NEA says it has already applied for approval through NTPC Vidyut Vyapar Nigam Limited.
Nepal has been waiting for India’s approval to join the real-time energy market since the southern neighbour opened its doors for its neighbours, including Nepal, to the market in late July, a senior Nepal Electricity Authority official said on Monday.
The southern neighbour has currently allowed Nepal to participate in the day-ahead market where the power’s quantum and prices are determined a day ahead of trading. India has also started buying power from Nepal under a medium-term five-year power deal.
As requested by Nepal, India granted Nepal as well other neighbours such as Bhutan and Bangladesh access to its real-time power market by amending the ‘procedure for approval and facilitating import/export (cross border) of electricity by the designated authority’ issued in February 2021.
But the neighbouring countries have to take the approval of the Indian authorities to start trading in the real-time market (RTM).
“We have already sought approval from Indian authorities for participation in the real-time power market through NTPC Vidyut Vyapar Nigam Limited [NVVN],” said Prabal Adhikari, power trade director at the NEA.
The NVVN is India’s nodal agency for bilateral electricity trade with its neighbours.
“We await the approval from Indian authorities for participation in the real-time market along with the day-ahead market (DAM). I am not sure when the Indian authorities would grant us approval for this,” Adhikari added.
The amendment notice issued on July 31 states that any Indian power trader, on behalf of any entity of a neighbouring country, may trade at Indian Power Exchanges (DAM/RTM/Both DAM and RTM segment) after obtaining approval from the designated authority up to the specified quantum (megawatt) and duration.
This amendment opened the doors for participation in both DAM and RTM.
Earlier, the option of giving access to the real-time market was kept open, but no provision for it had been guaranteed.
Nepal had been seeking access to the real-time market in order to avoid wastage of electricity especially during the rainy season when Nepal’s hydropower projects operate at full potential.
“The Nepal Electricity Authority may benefit from RTM, both in the import and export of power when there is a sudden rise or fall in demand,” Adhikari had previously told the Post. “It can be beneficial even when a sudden outage takes place at a certain power project.”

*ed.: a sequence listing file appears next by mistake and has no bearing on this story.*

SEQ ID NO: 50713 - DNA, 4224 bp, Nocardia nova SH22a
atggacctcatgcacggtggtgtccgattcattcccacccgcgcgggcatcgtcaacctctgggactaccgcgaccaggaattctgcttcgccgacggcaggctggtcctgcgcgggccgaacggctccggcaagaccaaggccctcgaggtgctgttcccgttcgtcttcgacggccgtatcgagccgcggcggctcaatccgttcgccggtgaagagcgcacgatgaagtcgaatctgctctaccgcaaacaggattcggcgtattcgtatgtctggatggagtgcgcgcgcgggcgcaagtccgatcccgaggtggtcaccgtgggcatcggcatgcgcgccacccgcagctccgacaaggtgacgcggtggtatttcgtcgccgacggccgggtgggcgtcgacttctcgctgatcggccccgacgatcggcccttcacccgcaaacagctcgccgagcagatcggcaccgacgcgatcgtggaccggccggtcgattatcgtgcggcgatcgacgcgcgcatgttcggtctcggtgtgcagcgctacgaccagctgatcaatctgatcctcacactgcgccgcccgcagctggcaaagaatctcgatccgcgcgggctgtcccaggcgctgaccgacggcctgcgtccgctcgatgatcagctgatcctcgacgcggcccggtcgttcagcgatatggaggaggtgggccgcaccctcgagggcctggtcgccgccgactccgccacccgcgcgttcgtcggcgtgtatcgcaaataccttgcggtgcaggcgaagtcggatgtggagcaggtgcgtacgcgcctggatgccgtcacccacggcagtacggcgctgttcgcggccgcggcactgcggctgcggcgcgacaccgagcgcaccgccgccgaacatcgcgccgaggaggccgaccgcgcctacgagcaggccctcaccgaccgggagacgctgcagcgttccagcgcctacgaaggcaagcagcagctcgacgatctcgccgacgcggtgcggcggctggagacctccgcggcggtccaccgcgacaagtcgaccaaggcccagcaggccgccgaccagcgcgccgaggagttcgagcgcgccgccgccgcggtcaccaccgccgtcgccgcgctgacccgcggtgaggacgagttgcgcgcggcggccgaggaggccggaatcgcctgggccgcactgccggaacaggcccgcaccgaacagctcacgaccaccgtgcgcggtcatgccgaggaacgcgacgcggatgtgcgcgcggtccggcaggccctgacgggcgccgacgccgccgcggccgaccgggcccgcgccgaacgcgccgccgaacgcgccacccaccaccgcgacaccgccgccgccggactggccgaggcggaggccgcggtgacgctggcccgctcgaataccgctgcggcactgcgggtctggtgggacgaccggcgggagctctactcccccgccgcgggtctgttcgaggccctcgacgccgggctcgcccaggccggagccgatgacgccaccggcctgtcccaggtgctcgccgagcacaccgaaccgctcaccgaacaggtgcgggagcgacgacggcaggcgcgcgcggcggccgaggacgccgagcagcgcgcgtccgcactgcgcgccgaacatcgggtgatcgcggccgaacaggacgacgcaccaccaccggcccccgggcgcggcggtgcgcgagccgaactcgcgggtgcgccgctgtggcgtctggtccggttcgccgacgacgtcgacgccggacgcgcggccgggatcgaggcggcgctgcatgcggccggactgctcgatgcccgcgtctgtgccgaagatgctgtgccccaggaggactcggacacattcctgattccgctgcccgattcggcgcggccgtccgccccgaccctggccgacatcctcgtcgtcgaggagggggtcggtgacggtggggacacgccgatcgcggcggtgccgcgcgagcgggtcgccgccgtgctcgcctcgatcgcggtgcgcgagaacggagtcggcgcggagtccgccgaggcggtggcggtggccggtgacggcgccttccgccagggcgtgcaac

The quantum of electricity generated by Nepal’s hydropower projects varies significantly as most of the hydroelectric projects in the country are run-of-river type and their generation capacity depends on the level of water in the rivers.
Adhikari said based on the template of the application, Nepal could sell power generated from a single project in both the day-ahead and the real-time markets.
When there was access to only the day-ahead market, Nepal would be forced to sell committed power to the buyers even when the country faced power outages due to disruption in the power supply system within the country.
Even though the country is yet to participate in the real-time market, Nepal has been selling power in the day-ahead market and the country has also started selling power under a five-year power deal since early September following an approval from the southern neighbour. As per this arrangement, Nepal can sell power from two select projects for five years without any hiccups.
According to the NEA, power generated by Solu Khola (Dudhkoshi) and Dordi Khola projects is being sold under a five-year-long power sale agreement signed with India’s NVVN. “We are selling 110 megawatts of electricity under a five-year deal,” said Suresh Bhattarai, the NEA spokesman.
The NEA sells power through the Dhalkebar-Muzaffarpur Cross-Border Transmission Line. India, in early April, had also allowed the sale of 70MW power generated by the Upper Chameliya Hydropower Project as well as by the Upper Kalanga Gad Hydroelectric Project in the day-ahead market. Nepal can now sell 522.6MW of power in India’s day-ahead market.
“After the latest approval from the Indian side, the issue of power spillage has largely been addressed for this year,” said Bhattarai. “Partial power spillage is still taking place because of a lack of transmission infrastructure in certain areas.”
Source: The Kathmandu Post